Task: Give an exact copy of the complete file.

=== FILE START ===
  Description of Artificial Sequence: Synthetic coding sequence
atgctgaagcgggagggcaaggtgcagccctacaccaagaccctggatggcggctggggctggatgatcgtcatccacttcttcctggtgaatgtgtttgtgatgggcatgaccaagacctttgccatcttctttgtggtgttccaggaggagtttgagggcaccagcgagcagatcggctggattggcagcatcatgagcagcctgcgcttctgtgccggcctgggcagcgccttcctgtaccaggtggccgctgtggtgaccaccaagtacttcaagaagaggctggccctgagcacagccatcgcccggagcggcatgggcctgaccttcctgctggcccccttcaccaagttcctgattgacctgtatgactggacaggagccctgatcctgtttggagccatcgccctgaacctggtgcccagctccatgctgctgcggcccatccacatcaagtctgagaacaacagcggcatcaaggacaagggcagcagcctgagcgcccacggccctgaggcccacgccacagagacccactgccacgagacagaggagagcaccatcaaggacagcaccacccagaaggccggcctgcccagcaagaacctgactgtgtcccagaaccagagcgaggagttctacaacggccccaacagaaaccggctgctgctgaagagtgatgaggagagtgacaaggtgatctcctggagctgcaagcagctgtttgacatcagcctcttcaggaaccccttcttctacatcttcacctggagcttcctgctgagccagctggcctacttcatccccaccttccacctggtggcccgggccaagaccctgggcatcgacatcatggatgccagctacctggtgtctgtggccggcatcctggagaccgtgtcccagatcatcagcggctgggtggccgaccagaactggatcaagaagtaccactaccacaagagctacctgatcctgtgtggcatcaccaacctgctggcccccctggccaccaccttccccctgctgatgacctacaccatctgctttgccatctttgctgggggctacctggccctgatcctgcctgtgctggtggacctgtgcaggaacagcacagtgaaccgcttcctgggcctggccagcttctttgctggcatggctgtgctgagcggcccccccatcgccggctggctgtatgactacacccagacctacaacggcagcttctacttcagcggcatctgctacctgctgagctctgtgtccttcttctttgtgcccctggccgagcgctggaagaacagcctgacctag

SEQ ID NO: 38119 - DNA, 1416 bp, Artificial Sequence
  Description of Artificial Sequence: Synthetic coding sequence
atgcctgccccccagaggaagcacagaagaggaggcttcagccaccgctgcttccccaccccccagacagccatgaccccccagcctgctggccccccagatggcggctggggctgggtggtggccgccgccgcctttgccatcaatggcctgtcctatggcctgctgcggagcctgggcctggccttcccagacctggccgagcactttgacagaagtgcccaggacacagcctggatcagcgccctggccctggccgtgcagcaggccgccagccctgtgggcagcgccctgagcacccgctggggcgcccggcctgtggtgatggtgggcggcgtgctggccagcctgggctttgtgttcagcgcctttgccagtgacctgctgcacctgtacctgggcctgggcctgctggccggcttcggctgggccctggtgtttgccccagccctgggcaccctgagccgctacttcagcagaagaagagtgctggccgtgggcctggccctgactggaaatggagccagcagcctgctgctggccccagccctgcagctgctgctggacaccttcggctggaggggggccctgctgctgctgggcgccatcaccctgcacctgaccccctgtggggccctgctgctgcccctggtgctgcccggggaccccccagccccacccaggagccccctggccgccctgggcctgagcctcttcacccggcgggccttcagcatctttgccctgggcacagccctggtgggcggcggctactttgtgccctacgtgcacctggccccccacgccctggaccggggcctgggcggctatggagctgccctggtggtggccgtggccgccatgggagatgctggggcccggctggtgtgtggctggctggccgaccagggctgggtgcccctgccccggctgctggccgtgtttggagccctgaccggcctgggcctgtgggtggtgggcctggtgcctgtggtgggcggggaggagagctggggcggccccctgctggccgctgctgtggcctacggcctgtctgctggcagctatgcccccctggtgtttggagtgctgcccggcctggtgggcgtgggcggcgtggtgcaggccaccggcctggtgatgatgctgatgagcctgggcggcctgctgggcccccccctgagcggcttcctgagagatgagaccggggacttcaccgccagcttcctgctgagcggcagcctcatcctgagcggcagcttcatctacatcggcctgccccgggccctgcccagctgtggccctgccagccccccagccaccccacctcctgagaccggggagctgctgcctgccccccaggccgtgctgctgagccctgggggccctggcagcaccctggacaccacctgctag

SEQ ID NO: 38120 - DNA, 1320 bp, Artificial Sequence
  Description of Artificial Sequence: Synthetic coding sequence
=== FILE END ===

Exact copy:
  Description of Artificial Sequence: Synthetic coding sequence
atgctgaagcgggagggcaaggtgcagccctacaccaagaccctggatggcggctggggctggatgatcgtcatccacttcttcctggtgaatgtgtttgtgatgggcatgaccaagacctttgccatcttctttgtggtgttccaggaggagtttgagggcaccagcgagcagatcggctggattggcagcatcatgagcagcctgcgcttctgtgccggcctgggcagcgccttcctgtaccaggtggccgctgtggtgaccaccaagtacttcaagaagaggctggccctgagcacagccatcgcccggagcggcatgggcctgaccttcctgctggcccccttcaccaagttcctgattgacctgtatgactggacaggagccctgatcctgtttggagccatcgccctgaacctggtgcccagctccatgctgctgcggcccatccacatcaagtctgagaacaacagcggcatcaaggacaagggcagcagcctgagcgcccacggccctgaggcccacgccacagagacccactgccacgagacagaggagagcaccatcaaggacagcaccacccagaaggccggcctgcccagcaagaacctgactgtgtcccagaaccagagcgaggagttctacaacggccccaacagaaaccggctgctgctgaagagtgatgaggagagtgacaaggtgatctcctggagctgcaagcagctgtttgacatcagcctcttcaggaaccccttcttctacatcttcacctggagcttcctgctgagccagctggcctacttcatccccaccttccacctggtggcccgggccaagaccctgggcatcgacatcatggatgccagctacctggtgtctgtggccggcatcctggagaccgtgtcccagatcatcagcggctgggtggccgaccagaactggatcaagaagtaccactaccacaagagctacctgatcctgtgtggcatcaccaacctgctggcccccctggccaccaccttccccctgctgatgacctacaccatctgctttgccatctttgctgggggctacctggccctgatcctgcctgtgctggtggacctgtgcaggaacagcacagtgaaccgcttcctgggcctggccagcttctttgctggcatggctgtgctgagcggcccccccatcgccggctggctgtatgactacacccagacctacaacggcagcttctacttcagcggcatctgctacctgctgagctctgtgtccttcttctttgtgcccctggccgagcgctggaagaacagcctgacctag

SEQ ID NO: 38119 - DNA, 1416 bp, Artificial Sequence
  Description of Artificial Sequence: Synthetic coding sequence
atgcctgccccccagaggaagcacagaagaggaggcttcagccaccgctgcttccccaccccccagacagccatgaccccccagcctgctggccccccagatggcggctggggctgggtggtggccgccgccgcctttgccatcaatggcctgtcctatggcctgctgcggagcctgggcctggccttcccagacctggccgagcactttgacagaagtgcccaggacacagcctggatcagcgccctggccctggccgtgcagcaggccgccagccctgtgggcagcgccctgagcacccgctggggcgcccggcctgtggtgatggtgggcggcgtgctggccagcctgggctttgtgttcagcgcctttgccagtgacctgctgcacctgtacctgggcctgggcctgctggccggcttcggctgggccctggtgtttgccccagccctgggcaccctgagccgctacttcagcagaagaagagtgctggccgtgggcctggccctgactggaaatggagccagcagcctgctgctggccccagccctgcagctgctgctggacaccttcggctggaggggggccctgctgctgctgggcgccatcaccctgcacctgaccccctgtggggccctgctgctgcccctggtgctgcccggggaccccccagccccacccaggagccccctggccgccctgggcctgagcctcttcacccggcgggccttcagcatctttgccctgggcacagccctggtgggcggcggctactttgtgccctacgtgcacctggccccccacgccctggaccggggcctgggcggctatggagctgccctggtggtggccgtggccgccatgggagatgctggggcccggctggtgtgtggctggctggccgaccagggctgggtgcccctgccccggctgctggccgtgtttggagccctgaccggcctgggcctgtgggtggtgggcctggtgcctgtggtgggcggggaggagagctggggcggccccctgctggccgctgctgtggcctacggcctgtctgctggcagctatgcccccctggtgtttggagtgctgcccggcctggtgggcgtgggcggcgtggtgcaggccaccggcctggtgatgatgctgatgagcctgggcggcctgctgggcccccccctgagcggcttcctgagagatgagaccggggacttcaccgccagcttcctgctgagcggcagcctcatcctgagcggcagcttcatctacatcggcctgccccgggccctgcccagctgtggccctgccagccccccagccaccccacctcctgagaccggggagctgctgcctgccccccaggccgtgctgctgagccctgggggccctggcagcaccctggacaccacctgctag

SEQ ID NO: 38120 - DNA, 1320 bp, Artificial Sequence
  Description of Artificial Sequence: Synthetic coding sequence